In challenging conceptions, the Nordic Food Lab’s Lars Williams and Mark Emil Hermansen presented the world of edible “inedibles” – namely insects.  In a world where food security has become paramount concern of policy makers, environmentalists and governments, why aren’t we eating more “inedibles”? For Nordic Food Lab, that question is one of the reasons to go wildvore. But the other major concern? Deliciousness. “Deliciousness is the driving force of edibility.” Distributing a little bag filled with live ants, bee larvae and a fish sauce of garum and grasshoppers, “Everything is edible, just some things have consequences.” Luckily for us (and any future diners at Noma), the ants, bee larvae and grasshoppers happen to be delicious and can create unique flavor palates.  So why aren’t we eating more ants, grubs, and grasshoppers? “Only prejudice can make it taste bad.”
Science. For any occasion. Wylie Dufrense of WD-50
And speaking of prejudices, there are the chefs who just aren’t interested in science. To those who think as such, Wylie Dufrense of WD-50 has a message for you: “There are many people outside the kitchen with much more knowledge than chefs. We have to learn from them too.” For Dufrense the appetite for knowledge came out of a curiosity to know how and why chefs cook. Going through the motions is not good enough: “Understanding the processes and having more knowledge about the ‘whys’ helps us (chefs) to do our jobs better.”  But lest anyone think that Dufrense is just a scientist, he also emphasized the personal and creative aspect of chefs. How can that be expressed? With humor. But in the end? “Whoever knows the most wins…Let’s keep knowing. Let’s keep learning. Let’s keep cooking.”
But that humor bit? Leave it to Mr. and Mrs. St. John to provide it. Sitting down on two hay bales with a nice bottle of red, Fergus Henderson and Trevor Gulliver of St. John Bar and Restaurant in London.  What do these refined gentlemen have to say about appetite?  Fergus said it best: “I am a prisoner of appetite. I have a lunch habit.” But in terms of where that appetite comes from? It’s from diners. That is where the force is. But in terms of a restaurateur? Trevor tells it like it is: “A good restaurant will take five or six years. You have to have an appetite to hang on while you build that.”  To wit, Fergus suggested that “chefs have to be Jedi knights, or rather, Jedi chefs.” But most importantly, the message was one of humility – and a good bon mot.
The St. John Show: Fergus Henderson & Trevor Gulliver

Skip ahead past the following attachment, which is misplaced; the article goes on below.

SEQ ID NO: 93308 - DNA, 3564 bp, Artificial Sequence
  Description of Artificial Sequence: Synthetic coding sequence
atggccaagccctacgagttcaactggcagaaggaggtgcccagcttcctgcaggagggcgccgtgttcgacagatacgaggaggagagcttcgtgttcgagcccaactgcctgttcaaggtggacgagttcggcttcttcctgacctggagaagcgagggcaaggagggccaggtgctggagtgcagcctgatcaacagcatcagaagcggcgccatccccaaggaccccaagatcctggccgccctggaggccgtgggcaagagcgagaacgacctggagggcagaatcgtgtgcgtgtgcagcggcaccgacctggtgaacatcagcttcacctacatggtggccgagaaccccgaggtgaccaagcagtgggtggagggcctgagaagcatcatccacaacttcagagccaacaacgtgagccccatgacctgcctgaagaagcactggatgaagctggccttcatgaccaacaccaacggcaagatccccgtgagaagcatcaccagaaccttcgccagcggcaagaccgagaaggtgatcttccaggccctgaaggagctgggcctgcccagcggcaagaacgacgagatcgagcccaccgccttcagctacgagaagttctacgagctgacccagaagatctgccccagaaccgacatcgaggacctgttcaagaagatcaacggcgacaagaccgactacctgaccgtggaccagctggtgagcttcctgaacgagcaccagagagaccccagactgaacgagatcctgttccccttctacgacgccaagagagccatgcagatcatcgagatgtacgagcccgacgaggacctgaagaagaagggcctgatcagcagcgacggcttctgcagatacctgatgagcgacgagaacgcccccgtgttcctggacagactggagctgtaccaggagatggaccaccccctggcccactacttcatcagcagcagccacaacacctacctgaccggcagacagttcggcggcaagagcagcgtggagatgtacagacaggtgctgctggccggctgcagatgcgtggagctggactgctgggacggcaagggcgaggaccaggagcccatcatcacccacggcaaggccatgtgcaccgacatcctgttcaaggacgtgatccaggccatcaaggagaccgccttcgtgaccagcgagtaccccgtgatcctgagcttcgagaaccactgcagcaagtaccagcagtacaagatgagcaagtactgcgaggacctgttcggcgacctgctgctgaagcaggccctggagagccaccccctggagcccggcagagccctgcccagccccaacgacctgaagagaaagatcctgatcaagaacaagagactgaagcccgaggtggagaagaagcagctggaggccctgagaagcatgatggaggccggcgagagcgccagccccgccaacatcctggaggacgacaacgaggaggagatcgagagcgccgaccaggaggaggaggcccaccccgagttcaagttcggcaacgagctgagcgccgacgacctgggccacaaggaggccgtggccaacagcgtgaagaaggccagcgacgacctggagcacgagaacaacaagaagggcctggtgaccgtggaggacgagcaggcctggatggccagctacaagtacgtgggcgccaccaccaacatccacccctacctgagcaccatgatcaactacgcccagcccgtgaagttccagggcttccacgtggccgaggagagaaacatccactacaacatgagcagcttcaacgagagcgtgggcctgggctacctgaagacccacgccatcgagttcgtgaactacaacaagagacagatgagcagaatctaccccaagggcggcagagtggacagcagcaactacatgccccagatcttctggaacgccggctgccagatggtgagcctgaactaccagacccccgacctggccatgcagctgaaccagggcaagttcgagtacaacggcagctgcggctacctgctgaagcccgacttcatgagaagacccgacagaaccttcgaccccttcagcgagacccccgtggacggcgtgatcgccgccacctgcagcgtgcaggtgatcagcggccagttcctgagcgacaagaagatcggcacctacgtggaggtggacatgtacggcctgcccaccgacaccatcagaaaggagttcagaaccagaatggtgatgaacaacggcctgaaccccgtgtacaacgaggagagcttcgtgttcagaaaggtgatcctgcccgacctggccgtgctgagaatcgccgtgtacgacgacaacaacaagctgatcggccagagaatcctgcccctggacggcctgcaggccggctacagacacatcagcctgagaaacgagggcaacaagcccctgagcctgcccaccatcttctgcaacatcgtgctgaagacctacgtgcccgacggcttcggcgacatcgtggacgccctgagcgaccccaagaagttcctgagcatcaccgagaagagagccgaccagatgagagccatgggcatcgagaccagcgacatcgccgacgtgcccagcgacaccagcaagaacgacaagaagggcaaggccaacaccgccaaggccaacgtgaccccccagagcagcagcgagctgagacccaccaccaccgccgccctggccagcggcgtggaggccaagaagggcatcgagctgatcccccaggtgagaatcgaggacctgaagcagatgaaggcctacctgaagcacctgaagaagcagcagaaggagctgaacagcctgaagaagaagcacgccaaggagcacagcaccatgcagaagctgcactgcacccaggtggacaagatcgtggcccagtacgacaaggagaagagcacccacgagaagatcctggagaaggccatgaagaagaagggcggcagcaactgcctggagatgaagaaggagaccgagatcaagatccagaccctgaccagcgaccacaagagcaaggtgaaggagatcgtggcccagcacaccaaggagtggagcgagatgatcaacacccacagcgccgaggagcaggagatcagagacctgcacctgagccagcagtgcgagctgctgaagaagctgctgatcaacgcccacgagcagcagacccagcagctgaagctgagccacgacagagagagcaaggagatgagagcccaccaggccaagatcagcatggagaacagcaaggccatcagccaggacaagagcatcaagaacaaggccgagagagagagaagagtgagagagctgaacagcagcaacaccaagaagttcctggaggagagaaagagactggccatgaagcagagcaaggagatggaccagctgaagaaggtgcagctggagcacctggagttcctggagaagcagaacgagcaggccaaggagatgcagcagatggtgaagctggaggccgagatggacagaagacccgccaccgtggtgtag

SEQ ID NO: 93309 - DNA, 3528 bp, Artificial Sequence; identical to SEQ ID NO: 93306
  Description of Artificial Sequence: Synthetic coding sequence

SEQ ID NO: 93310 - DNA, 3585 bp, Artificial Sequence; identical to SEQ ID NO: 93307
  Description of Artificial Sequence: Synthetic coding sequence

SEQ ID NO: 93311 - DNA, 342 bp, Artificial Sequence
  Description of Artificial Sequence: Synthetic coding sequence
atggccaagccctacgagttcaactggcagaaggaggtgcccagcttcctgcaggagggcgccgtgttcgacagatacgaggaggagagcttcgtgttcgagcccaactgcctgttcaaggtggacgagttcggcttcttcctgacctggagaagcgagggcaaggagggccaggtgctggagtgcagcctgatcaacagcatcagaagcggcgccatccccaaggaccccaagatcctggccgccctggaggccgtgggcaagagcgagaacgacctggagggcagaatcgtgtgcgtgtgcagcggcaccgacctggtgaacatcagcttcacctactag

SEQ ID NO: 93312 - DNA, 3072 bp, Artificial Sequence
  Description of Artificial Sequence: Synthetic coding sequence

Adria explains the entire culinary universe...on a flipboard
But in what was probably the most anticipated talk of the entire symposium, Ferran Adrià took the stage. Considering the circumstances, it was a miracle that he appeared at all: “For 18 months, I (Adrià) swore I would never go to another chef symposium. I swear. But I came. And I want to explain why.” In what may seem as a surprise to many, Adrià explained from 1994 to 2008, El Bulli never made any money. But it was never the point: “I got into cooking because I like the challenge of creativity, to forge new paths. I never searched for success, but happiness.”  Creating that happiness takes a lot of work. In probably the only statistical demonstration using grapes, Adrià pointed to the miniscule population interested in avant-garde cuisine-in a grape seed. “What’s a grape seed? It’s nothing! But if you put it in the ground, it grows.” But that growth is one that takes hard work, dedication and creativity. And creativity does not come automatically. It’s a capricious beast: “If you want to play at the Noma/El Bulli level, know that creativity has no compassion, no matter how passionate the chef.”  But ultimately it is not just one chef that makes a great restaurant. For Adrià, “El Bulli is not made by Ferran Adrià. El Bulli is bigger than any of us.” And in what could only be a tribute to the 2000 staff that came through the restaurant, Adrià reminded all of us what it’s all about: “The human side of this symposium is always with human values - ethics, honesty, happiness and justice – and you.”  If Ferran Adrià and El Bulli are any indication of the manifestation of those ideas, the world is going to be a better – and happier – place for it. 
Cross-posted at The Daily Meal.